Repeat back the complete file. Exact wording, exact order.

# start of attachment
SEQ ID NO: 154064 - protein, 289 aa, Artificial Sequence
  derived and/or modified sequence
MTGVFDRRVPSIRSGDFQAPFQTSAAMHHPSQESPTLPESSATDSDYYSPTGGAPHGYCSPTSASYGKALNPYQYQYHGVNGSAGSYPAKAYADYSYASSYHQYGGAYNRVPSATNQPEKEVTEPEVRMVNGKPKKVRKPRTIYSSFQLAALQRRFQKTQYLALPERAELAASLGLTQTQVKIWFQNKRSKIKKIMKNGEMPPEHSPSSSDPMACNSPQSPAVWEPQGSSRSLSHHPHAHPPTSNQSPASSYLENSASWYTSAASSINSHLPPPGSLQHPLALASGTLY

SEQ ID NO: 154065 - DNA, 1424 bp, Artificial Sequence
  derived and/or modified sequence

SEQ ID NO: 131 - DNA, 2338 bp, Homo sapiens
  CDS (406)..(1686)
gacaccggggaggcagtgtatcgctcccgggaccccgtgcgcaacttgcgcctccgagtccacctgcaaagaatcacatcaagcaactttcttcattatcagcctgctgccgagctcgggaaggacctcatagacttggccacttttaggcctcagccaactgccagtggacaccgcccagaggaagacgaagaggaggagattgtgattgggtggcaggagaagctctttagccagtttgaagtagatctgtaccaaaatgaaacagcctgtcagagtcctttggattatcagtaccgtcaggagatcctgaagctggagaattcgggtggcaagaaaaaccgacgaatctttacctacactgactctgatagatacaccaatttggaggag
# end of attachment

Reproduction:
SEQ ID NO: 154064 - protein, 289 aa, Artificial Sequence
  derived and/or modified sequence
MTGVFDRRVPSIRSGDFQAPFQTSAAMHHPSQESPTLPESSATDSDYYSPTGGAPHGYCSPTSASYGKALNPYQYQYHGVNGSAGSYPAKAYADYSYASSYHQYGGAYNRVPSATNQPEKEVTEPEVRMVNGKPKKVRKPRTIYSSFQLAALQRRFQKTQYLALPERAELAASLGLTQTQVKIWFQNKRSKIKKIMKNGEMPPEHSPSSSDPMACNSPQSPAVWEPQGSSRSLSHHPHAHPPTSNQSPASSYLENSASWYTSAASSINSHLPPPGSLQHPLALASGTLY

SEQ ID NO: 154065 - DNA, 1424 bp, Artificial Sequence
  derived and/or modified sequence

SEQ ID NO: 131 - DNA, 2338 bp, Homo sapiens
  CDS (406)..(1686)
gacaccggggaggcagtgtatcgctcccgggaccccgtgcgcaacttgcgcctccgagtccacctgcaaagaatcacatcaagcaactttcttcattatcagcctgctgccgagctcgggaaggacctcatagacttggccacttttaggcctcagccaactgccagtggacaccgcccagaggaagacgaagaggaggagattgtgattgggtggcaggagaagctctttagccagtttgaagtagatctgtaccaaaatgaaacagcctgtcagagtcctttggattatcagtaccgtcaggagatcctgaagctggagaattcgggtggcaagaaaaaccgacgaatctttacctacactgactctgatagatacaccaatttggaggag